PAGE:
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Identity Theft Laws

Identity theft is a crime that is a huge burden on the victim, resulting in a great deal of stress and a sense of hopelessness.

A criminal can easily gain access to many items of personally identifying information as a means of financial gain or to damage a victim’s credit and overall life. Everyone should do their part toward preventing identity theft, but it may not always be possible, and it takes several steps to recover once you have become a victim of the crime.

Identity Theft Laws in California

In California, it is illegal to obtain another person’s personally identifying information with the intent to gain that person’s finances or to damage their finances, credit or reputation. In an identity theft case, the prosecutor would have to show that the defendant willfully obtained such information and used it without the consent of the owner. In the state of California, it is also a crime to sell or transfer another individual’s personally identifying information when the defendant knows that it would be done for fraudulent purposes.  If you or a loved one has been arrested for identity theft, contact a good bail bondsman and a lawyer.

What Entails Identity Theft in California?

It is the job of a prosecutor to show that the defendant had unlawful purpose regarding the victim’s personally identifying information. Under state law, there are a variety of activities that show an unlawful purpose for another individual’s personally identifying information. Those things include purchasing goods or property, applying for credit under the victim’s name and obtaining medical information.

Personally Identifying Information

There are several types of personally identifying information listed within the California Penal Code that could be taken or used in an unlawful manner during crimes of identity theft. The types of information that are included in the list include the person’s name, address, phone number, social security number, driver’s license number, passport number, taxpayer identification number and other articles of information. Additionally, the state law includes other types of information as well, such as credit card numbers, bank account numbers and banking pin numbers. California law also includes information like fingerprints, retina and iris images, voiceprints and other similar data as personally identifying information.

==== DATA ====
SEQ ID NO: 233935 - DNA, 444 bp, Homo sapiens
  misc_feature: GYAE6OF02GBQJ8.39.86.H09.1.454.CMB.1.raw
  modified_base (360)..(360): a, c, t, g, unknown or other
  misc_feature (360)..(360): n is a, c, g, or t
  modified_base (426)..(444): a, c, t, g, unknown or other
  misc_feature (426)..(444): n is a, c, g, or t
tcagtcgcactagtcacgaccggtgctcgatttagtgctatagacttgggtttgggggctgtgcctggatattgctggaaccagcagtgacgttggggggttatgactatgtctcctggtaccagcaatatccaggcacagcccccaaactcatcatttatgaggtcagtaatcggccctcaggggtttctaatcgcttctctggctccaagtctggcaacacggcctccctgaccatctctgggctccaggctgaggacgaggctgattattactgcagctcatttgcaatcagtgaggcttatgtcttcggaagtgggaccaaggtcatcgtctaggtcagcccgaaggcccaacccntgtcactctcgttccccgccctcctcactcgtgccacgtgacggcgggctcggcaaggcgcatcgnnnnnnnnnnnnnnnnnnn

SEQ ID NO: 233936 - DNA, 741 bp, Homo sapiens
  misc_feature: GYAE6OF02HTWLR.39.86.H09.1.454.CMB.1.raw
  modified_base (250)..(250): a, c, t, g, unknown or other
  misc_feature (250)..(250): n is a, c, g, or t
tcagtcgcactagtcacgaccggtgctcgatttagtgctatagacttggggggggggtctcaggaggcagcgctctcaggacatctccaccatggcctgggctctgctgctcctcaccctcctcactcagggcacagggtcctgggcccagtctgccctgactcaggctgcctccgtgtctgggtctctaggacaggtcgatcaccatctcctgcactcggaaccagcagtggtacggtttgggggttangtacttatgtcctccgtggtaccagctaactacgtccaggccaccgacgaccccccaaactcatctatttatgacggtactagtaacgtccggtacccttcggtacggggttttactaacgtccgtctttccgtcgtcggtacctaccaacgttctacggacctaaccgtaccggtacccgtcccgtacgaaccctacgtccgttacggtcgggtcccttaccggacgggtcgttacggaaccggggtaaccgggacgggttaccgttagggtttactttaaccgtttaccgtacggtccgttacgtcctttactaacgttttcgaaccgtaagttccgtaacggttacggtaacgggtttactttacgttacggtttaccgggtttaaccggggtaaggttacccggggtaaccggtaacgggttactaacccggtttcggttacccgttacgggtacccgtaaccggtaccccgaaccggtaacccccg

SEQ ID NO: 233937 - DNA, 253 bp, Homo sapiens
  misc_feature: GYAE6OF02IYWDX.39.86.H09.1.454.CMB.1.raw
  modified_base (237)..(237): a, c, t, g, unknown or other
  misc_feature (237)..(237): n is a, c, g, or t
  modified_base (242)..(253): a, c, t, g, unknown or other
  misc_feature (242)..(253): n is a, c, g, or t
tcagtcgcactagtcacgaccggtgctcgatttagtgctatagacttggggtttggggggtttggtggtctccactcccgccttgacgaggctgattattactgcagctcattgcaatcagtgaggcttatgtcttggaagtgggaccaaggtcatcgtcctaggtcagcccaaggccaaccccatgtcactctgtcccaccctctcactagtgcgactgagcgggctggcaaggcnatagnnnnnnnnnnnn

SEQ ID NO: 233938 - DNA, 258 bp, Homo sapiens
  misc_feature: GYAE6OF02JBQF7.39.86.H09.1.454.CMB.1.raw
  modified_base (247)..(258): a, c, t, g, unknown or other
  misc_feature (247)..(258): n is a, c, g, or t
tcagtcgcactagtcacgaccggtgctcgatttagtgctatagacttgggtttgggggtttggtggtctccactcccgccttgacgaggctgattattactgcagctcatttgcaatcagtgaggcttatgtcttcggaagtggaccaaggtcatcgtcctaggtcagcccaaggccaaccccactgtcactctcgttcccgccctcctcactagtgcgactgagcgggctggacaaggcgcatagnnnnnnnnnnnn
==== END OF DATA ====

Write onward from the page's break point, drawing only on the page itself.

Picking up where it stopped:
Additional Charges

In addition to identity theft, prosecutors in California may charge you with an even more serious crime of criminal identity theft. This charge can be given to a defendant if their actions affect a victim’s criminal record.

Identity Theft Defense

In a case of identity theft in the state of California, one of the chief defenses is that the owner gave consent to the defendant to obtain or use the personally identifying information. It can be a challenge for the defense attorney to prove this, however.

Penalties and Sentences for Identity Theft

There are specific penalties in place in California after someone is sentenced for identity theft crimes. The penalties and sentences are similar, regardless of whether or not the defendant obtained, retained, transferred, sold or used another person’s personally identifying information for unlawful purposes. The sentence a defendant of identity theft receives depends on exactly what happened during the commission of the crime and how severely the crime hurt the victim. In California, according to the law, a criminal can be punished through a fine, being put in county jail for as long as one year, both a fine and a county jail term or even a larger sentence depending on whether the defendant has a prior criminal history and record and additional circumstances, as per law.

At the same time, it is important to remember that the laws are always changing, and in the state of California, that is no exception. Contact a California attorney or do your own legal research to verify the state laws of the crime of which you are studying.

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